When the guys arrived back in Texas, David had one specific goal in mind – get the coupe back on the street in time for Texas’s premier traditional rod and custom show the Lone Star Round-Up in Austin, TX.
Although the coupe had set for some time the 305 was solid and the damage to the passenger side was easily fixed by Robert’s metal working skills. The coupe was back on the road in no time and was driven at every opportunity to iron out any unforeseen bugs or secrets the 39 coupe might be hiding.
After about a week back on the road the 305 met its demise; which ironically came not from the years of sitting or any overlooked issues, but from David’s young nephew and loose bolt laying around the shop. The kid’s curiosity and budding interest in cars led him to “inspect” the coupe’s carb and an unfortunate side effect was the loose bolt accidentally found its way down the carb. Upon the next turn of the ignition key…catastrophic failure.
With several weeks remaining until the Lone Star Round Up, the guys at South Side Speed Shop decided that with the parts they had around the shop and a “few” long nights… building a traditionally styled high school hot rod sure to turn a few heads at the show was well within their reach.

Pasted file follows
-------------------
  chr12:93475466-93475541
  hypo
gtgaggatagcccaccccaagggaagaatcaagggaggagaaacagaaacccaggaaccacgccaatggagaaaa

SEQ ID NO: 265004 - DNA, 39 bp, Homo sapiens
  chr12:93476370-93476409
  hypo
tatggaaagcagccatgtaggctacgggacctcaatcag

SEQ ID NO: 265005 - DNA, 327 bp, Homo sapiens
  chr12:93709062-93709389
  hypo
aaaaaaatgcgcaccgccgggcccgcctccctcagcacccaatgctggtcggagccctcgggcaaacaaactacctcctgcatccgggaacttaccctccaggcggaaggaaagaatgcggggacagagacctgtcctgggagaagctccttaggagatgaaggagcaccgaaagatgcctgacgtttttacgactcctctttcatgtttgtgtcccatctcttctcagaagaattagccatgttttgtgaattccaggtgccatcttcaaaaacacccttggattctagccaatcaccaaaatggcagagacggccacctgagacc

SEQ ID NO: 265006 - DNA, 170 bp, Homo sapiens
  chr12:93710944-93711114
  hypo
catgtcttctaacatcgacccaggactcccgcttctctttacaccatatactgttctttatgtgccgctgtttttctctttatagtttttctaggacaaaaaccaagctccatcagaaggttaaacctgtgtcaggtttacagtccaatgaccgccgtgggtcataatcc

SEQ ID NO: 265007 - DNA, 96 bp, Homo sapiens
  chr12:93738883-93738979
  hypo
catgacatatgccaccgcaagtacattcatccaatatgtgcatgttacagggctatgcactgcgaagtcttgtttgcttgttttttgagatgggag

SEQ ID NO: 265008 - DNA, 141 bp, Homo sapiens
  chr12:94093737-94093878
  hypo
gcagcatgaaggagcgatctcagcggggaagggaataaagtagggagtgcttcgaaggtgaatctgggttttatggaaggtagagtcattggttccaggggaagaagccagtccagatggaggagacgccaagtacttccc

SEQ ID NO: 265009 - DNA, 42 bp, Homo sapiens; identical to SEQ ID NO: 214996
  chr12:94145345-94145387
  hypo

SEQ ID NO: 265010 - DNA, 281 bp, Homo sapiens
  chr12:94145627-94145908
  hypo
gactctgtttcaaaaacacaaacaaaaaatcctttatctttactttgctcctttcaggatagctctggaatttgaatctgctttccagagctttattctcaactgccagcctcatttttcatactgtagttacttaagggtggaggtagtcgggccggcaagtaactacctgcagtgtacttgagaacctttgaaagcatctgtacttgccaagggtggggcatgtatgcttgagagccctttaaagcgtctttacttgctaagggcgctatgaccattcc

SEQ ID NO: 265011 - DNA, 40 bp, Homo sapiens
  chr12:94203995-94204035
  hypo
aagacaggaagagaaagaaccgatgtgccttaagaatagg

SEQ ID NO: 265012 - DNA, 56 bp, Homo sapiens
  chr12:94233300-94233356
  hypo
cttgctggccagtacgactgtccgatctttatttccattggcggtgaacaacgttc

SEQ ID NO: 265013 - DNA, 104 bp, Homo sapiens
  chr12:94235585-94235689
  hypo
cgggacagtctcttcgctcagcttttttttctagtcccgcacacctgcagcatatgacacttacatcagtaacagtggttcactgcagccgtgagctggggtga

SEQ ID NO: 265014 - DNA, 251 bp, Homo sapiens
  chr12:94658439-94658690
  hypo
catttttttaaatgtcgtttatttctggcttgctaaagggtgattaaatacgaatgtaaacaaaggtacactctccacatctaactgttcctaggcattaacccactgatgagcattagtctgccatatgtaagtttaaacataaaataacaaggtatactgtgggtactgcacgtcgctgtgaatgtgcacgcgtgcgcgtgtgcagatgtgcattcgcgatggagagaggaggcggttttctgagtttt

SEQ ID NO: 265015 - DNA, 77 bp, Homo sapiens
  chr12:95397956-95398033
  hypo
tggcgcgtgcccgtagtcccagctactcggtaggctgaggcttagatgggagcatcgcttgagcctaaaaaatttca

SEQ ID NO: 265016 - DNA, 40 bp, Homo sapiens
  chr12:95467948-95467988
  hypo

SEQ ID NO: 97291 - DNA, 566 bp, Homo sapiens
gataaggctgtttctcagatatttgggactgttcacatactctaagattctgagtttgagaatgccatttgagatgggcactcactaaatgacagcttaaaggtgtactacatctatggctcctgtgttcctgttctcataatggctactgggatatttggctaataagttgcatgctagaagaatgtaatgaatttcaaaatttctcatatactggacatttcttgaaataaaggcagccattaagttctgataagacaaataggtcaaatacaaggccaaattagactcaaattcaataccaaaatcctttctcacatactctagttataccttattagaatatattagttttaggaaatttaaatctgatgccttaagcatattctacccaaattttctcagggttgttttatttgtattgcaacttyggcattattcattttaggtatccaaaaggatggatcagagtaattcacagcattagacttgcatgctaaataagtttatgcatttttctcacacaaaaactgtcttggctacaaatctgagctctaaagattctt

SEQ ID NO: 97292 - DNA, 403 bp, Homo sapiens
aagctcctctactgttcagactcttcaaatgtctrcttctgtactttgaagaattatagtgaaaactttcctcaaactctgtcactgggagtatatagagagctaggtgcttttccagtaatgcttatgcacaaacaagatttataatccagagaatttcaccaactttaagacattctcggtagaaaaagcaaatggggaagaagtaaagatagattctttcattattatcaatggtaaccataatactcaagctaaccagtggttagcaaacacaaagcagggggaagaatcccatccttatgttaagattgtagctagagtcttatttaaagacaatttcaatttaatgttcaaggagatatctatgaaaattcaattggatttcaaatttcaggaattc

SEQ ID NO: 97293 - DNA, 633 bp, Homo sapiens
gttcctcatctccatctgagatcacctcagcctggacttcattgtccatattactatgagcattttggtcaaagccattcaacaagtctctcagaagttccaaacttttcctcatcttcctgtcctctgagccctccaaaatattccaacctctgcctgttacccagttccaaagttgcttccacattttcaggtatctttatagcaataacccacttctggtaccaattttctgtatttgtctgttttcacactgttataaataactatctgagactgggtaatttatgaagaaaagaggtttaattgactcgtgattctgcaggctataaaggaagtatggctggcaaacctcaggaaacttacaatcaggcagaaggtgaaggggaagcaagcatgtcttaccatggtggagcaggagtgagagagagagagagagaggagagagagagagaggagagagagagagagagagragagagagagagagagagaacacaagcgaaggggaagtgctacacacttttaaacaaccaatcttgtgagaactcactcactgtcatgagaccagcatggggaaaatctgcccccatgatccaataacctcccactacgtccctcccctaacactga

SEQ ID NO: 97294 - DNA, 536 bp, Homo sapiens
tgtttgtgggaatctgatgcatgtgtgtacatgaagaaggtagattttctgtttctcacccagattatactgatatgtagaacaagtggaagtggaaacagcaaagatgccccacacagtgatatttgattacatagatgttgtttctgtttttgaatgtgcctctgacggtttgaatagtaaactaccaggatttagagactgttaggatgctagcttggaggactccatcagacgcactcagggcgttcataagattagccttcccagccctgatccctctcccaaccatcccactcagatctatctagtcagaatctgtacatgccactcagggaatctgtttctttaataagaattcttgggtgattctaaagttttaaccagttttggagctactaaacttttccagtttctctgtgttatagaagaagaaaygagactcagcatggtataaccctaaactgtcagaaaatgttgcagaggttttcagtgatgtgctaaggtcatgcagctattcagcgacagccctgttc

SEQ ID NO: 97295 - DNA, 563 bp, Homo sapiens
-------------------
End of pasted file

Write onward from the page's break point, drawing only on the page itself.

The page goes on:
First on deck, toss the underpowered 305 and stuff a real SBC between the fender wells. Coincidentally, Jorel just happened to have a 4 bolt main 350 from a ’68 Camaro tucked away in the back of shop, and since they could use the existing motor mounts, the 350 would soon have a new home.
Never one to half-ass things though, Jorel first disassembled the small block before leaving it in the capable hands of Accurate Machine Shop for a proper build-up. After boring the block .030 over and reinforcing the bottom end with forged Eagle internals and a Crower camshaft, Accurate returned the short block for final assembly. A set of Patriot heads and a 6-71 Mooneyham blower topped with dual Edelbrock 600 carbs were slapped on giving the mill a top end worthy of the stout bottom end. When guzzling race gas and with boost set at 10psi the potent SBC pumps out an estimated 600hp… and after witnessing first-hand the damage this beast can do to a set of bias plies, I’d have no reason to think otherwise!
Before completing the heart transplant, Robert Cassell mixed up a batch of B-5 Mopar Blue Metallic and sprayed several coats over the coupes shapely curves. Since the interior plan called for white tuck and roll, Robert shot the engine bay in white to accentuate the future upgrades.
While the coupe was down, David upgraded the rolling stock with a set of chrome Ford O.E. wheels wrapped in wide white bias plies. No radials or billet wheels for this traditional hot rod. With the chassis upgrades and lowering, the new rubber filled the wheel wells perfectly adding to the already menacing stance.